QuestionI have a friend who is currently incarcerated. His wife hired his attorney. She wants to fire the attorney but my friend wishes to keep him. Does his wife have the right to do this?wikiHow ContributorCommunity AnswerThe attorney-client relationship only exists between the attorney and client - not between the attorney and the client's wife. It doesn't matter who hired the attorney or even who pays the attorney. Only the client can fire the attorney.Thanks!
QuestionCan I be my own attorney if they will not do as I requested?wikiHow ContributorCommunity AnswerYou can represent for yourself in place on an attorney, if you are capable to do so.Thanks!
QuestionCan I fire my attorney a day before my hearing if he wants me to plead guilty to something I didn't do?wikiHow ContributorCommunity AnswerYes, you should fire him if he asked you to do something that is wrong, or something you don't want to do.Thanks!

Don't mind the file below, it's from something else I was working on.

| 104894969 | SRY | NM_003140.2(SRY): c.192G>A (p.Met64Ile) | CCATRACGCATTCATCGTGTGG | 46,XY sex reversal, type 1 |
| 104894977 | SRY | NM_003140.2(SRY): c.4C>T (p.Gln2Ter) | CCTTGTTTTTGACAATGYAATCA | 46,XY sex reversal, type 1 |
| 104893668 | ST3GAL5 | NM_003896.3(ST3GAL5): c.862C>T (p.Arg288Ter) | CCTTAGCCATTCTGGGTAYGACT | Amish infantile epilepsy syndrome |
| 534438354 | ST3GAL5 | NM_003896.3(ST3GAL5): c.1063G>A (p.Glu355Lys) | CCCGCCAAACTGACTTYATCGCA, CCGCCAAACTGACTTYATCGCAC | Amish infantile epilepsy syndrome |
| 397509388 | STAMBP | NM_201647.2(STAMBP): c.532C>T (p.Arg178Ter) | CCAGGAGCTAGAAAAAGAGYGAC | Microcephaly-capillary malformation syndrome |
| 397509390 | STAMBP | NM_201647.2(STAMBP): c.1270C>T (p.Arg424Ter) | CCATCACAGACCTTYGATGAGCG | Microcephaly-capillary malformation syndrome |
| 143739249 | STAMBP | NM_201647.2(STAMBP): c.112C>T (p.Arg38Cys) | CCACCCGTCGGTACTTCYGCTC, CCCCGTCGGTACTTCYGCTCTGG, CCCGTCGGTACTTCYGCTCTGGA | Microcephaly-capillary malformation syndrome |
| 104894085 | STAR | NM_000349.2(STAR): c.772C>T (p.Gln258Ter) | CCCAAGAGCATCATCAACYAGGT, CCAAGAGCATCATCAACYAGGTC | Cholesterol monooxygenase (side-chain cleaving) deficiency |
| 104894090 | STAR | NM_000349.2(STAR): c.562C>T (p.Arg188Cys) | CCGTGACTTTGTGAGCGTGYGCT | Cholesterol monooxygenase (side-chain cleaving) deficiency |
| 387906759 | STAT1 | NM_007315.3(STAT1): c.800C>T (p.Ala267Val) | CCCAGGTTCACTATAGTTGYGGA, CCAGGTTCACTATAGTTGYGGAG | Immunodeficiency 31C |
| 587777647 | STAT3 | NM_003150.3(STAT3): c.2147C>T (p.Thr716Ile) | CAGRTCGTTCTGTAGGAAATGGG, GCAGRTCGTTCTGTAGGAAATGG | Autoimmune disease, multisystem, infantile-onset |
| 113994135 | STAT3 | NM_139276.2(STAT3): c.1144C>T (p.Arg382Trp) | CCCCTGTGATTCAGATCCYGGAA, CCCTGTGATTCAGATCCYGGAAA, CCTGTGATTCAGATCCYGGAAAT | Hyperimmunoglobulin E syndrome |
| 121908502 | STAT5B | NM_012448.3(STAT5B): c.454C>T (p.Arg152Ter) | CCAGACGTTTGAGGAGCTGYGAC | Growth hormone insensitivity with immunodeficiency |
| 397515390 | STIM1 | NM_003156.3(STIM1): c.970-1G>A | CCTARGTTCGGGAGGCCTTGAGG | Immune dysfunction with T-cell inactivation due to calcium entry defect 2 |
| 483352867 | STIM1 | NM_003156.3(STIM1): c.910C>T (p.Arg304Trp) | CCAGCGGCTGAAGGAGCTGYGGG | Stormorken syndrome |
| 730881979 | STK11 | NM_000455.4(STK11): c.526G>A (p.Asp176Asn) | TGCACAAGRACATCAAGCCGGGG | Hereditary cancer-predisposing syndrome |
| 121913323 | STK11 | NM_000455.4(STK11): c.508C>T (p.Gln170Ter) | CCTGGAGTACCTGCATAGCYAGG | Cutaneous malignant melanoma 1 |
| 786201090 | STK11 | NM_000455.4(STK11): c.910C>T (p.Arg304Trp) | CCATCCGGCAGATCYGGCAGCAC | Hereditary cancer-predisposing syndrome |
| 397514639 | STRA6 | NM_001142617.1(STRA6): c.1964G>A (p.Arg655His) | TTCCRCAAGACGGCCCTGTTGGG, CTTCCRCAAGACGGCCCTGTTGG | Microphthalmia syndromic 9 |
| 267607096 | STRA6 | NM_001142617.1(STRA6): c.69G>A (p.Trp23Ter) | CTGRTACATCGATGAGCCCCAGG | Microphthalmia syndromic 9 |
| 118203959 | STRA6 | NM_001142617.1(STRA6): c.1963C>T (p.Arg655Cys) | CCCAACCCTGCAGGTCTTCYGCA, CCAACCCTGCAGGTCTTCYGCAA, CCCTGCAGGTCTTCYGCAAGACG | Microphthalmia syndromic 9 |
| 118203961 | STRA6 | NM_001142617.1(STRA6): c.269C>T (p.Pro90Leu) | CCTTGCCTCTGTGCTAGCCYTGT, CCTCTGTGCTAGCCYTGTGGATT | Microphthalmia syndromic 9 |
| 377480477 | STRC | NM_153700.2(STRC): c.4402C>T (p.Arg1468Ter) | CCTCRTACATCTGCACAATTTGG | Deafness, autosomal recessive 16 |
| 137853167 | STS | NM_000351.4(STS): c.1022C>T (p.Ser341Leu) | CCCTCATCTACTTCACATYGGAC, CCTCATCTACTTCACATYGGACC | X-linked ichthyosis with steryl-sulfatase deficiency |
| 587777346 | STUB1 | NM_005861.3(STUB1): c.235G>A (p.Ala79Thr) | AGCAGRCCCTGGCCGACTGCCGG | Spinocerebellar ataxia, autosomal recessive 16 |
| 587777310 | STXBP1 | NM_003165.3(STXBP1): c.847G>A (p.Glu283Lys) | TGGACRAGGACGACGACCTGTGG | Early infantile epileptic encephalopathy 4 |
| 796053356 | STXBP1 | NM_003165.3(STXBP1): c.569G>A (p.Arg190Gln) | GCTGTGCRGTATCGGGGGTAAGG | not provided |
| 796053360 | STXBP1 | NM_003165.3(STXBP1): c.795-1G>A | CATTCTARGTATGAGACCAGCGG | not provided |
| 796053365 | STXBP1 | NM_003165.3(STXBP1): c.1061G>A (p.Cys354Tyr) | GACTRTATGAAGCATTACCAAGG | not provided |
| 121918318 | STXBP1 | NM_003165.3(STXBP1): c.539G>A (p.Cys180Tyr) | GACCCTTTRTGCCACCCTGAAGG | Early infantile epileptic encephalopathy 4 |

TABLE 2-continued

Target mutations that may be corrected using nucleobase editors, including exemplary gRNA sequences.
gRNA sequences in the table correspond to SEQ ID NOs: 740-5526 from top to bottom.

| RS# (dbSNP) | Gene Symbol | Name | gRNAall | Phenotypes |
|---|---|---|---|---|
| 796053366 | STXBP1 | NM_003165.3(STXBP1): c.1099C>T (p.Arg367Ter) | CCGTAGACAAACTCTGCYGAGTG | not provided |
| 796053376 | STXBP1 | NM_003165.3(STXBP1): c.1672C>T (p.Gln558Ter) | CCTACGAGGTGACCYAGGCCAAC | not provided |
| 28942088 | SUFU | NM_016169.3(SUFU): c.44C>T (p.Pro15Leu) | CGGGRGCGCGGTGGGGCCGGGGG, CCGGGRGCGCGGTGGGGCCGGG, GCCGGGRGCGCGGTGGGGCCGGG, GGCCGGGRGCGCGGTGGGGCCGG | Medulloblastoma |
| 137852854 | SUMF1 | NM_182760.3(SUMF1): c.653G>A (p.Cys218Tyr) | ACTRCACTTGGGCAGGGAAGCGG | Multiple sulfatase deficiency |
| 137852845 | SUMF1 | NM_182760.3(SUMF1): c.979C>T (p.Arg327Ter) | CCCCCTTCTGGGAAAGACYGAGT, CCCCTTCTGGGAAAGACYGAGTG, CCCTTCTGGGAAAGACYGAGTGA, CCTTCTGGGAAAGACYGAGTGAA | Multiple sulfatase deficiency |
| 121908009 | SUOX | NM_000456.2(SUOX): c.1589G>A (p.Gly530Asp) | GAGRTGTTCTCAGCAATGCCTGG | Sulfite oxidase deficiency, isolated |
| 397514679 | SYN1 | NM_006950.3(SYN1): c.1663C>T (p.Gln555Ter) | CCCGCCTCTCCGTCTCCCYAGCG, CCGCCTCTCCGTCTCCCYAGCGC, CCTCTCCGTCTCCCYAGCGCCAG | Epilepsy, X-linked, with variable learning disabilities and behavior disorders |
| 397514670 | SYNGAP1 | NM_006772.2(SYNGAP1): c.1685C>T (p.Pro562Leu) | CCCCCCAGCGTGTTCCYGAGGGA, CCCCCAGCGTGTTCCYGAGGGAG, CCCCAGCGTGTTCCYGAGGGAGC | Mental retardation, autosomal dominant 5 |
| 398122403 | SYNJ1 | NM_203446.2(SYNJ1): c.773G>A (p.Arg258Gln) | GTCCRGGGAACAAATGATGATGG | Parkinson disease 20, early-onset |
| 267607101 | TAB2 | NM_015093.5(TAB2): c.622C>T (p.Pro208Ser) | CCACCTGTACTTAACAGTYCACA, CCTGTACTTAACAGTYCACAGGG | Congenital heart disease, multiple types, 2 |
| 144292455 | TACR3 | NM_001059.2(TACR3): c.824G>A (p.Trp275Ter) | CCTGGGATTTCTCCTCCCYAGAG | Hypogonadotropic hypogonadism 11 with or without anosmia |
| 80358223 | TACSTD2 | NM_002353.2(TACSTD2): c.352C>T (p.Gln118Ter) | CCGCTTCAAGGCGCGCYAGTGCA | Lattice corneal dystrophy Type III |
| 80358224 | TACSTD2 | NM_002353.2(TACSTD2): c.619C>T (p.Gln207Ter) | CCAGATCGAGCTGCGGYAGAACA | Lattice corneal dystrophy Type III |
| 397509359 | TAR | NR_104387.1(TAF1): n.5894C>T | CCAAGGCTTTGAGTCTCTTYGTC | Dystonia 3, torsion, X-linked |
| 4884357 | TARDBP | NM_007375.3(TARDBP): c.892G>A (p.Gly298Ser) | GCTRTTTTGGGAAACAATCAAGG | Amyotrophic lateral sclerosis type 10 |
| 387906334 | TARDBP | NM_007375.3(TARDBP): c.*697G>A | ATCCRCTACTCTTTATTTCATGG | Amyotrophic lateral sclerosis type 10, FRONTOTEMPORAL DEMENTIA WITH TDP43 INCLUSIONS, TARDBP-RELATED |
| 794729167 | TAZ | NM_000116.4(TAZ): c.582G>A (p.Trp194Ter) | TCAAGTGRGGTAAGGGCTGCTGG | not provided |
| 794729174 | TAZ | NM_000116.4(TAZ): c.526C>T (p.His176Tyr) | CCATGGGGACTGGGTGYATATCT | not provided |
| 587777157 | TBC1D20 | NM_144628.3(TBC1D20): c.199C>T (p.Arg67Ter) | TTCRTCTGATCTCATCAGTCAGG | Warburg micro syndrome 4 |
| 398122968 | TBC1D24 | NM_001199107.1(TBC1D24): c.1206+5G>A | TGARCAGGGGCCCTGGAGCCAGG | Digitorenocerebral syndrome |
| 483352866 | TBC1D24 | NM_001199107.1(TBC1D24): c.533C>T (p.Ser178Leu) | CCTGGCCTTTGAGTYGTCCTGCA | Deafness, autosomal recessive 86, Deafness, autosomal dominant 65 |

Can my attorney hire a private investigator without telling me, knowing that I have limited funds to invest in my case? He has taken the case on consignment.
If my attorney sent me a paper to sign to discontinue using them from a case, do we both have to appear in court?
When I terminate my attorney so I can handle things myself, what has to happen in the court since he is the attorney on record? This is concerning a foreclosure on my deceased brother's estate.
I sent a letter to my lawyer to stop representing me and dated it, they want me to sign a waiver in front of a notary. Is the letter enough or do I need to sign the paper?
How do I file my lawyer who is mishandling my divorce?
- Often, problems leading to the firing of an attorney are primarily issues with communication. Before you fire your attorney, ask yourself: Is there any other way this problem could be resolved that might cost me less time and money?
- If you hired your previous attorney on a contingency basis, the new attorney will pay the old attorney from any proceeds acquired through your case.
- If you’ve been deemed unable to represent your own interests adequately and have had a legal guardian appointed, you may need that guardian’s agreement in order to fire your attorney.
- If your attorney has already represented you in court, you may need the judge’s approval to fire that attorney.
Sources and Citations